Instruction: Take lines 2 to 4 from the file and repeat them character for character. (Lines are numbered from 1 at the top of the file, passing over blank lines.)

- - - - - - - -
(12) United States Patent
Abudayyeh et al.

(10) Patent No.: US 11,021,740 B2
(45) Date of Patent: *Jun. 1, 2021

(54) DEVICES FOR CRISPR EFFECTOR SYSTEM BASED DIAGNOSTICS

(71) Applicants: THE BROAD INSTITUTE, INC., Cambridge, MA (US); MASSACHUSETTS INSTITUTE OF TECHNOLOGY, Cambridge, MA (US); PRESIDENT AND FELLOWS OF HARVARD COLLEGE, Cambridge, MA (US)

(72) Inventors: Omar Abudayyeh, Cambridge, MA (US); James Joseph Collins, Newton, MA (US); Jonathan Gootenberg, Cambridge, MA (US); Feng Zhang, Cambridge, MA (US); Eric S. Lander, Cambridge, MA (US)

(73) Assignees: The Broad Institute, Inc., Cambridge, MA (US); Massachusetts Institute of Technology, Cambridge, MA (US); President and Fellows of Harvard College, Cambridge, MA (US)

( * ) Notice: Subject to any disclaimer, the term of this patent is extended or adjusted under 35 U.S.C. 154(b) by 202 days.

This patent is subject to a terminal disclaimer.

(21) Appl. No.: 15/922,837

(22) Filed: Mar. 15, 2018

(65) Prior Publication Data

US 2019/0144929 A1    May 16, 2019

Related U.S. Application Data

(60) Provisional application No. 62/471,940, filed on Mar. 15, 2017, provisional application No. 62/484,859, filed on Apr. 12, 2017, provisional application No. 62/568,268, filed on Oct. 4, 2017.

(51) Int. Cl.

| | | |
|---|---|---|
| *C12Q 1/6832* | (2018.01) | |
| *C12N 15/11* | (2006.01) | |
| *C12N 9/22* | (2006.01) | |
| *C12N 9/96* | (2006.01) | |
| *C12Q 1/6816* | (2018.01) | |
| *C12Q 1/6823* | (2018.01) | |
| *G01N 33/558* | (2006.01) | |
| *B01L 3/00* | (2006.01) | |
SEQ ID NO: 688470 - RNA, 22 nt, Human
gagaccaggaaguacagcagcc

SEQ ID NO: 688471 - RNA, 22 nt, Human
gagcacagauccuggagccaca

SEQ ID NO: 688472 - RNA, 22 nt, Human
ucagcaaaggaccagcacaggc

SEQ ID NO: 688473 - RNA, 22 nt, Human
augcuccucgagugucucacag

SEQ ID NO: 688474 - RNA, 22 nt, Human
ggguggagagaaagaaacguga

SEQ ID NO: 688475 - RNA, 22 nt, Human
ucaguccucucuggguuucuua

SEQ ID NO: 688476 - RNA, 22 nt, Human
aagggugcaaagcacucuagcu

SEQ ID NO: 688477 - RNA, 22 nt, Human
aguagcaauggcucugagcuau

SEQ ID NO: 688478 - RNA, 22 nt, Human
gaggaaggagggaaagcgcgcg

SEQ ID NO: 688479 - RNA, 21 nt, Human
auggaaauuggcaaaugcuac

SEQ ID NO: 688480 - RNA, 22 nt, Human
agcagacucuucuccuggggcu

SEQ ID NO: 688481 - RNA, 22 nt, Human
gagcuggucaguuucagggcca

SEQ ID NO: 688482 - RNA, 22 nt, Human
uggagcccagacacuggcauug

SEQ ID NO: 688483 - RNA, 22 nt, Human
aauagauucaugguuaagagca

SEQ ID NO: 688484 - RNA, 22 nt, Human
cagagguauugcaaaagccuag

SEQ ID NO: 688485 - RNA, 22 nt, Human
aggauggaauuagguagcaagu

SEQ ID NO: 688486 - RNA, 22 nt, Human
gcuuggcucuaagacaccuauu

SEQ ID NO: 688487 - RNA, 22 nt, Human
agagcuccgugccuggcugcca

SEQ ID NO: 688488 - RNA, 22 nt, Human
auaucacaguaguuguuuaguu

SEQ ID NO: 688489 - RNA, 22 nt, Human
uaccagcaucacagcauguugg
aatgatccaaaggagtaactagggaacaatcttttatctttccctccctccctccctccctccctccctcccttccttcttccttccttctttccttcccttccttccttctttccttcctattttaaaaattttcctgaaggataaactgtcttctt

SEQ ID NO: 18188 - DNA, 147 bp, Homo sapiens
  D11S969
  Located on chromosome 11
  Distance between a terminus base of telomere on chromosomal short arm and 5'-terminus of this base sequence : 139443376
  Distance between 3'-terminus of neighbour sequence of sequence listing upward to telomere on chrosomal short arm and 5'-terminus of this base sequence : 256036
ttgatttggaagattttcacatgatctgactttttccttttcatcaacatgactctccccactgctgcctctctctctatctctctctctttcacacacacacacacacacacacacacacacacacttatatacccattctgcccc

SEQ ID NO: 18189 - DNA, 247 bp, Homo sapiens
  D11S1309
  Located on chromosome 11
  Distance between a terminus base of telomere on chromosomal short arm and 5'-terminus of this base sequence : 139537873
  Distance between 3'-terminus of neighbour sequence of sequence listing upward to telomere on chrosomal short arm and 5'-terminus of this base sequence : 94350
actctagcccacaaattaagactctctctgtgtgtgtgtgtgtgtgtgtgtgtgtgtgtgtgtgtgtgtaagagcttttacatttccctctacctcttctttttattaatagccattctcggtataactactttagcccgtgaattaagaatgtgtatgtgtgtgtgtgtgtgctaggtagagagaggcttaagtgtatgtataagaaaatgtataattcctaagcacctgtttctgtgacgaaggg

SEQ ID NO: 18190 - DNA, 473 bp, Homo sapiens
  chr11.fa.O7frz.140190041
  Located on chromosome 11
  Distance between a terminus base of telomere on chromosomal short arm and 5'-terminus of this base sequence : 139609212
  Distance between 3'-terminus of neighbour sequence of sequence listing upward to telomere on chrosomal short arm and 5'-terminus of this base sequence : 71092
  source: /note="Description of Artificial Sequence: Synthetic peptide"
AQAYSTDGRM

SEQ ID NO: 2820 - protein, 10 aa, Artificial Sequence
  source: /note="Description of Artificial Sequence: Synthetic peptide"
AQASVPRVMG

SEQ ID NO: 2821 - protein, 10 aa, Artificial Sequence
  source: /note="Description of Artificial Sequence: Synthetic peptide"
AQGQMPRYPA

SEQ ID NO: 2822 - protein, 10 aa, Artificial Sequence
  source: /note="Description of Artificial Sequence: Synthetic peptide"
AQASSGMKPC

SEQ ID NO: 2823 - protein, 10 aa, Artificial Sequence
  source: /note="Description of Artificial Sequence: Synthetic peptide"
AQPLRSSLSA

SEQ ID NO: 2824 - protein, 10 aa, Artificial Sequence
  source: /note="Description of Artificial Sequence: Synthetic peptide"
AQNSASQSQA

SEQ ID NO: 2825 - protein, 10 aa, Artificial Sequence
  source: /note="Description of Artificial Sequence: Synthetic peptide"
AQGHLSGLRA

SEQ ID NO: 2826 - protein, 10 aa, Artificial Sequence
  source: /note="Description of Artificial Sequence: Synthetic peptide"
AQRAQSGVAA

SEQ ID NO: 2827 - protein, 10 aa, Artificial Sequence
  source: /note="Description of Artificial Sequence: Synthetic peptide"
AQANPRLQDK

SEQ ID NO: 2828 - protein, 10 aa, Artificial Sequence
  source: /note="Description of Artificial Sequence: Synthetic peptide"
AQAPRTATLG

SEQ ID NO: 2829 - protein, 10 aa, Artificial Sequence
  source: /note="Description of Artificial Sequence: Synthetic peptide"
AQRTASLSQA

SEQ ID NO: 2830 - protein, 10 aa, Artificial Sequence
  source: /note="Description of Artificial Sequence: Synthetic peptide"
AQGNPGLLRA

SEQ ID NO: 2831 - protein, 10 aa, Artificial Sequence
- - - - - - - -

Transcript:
Abudayyeh et al.

(10) Patent No.: US 11,021,740 B2
(45) Date of Patent: *Jun. 1, 2021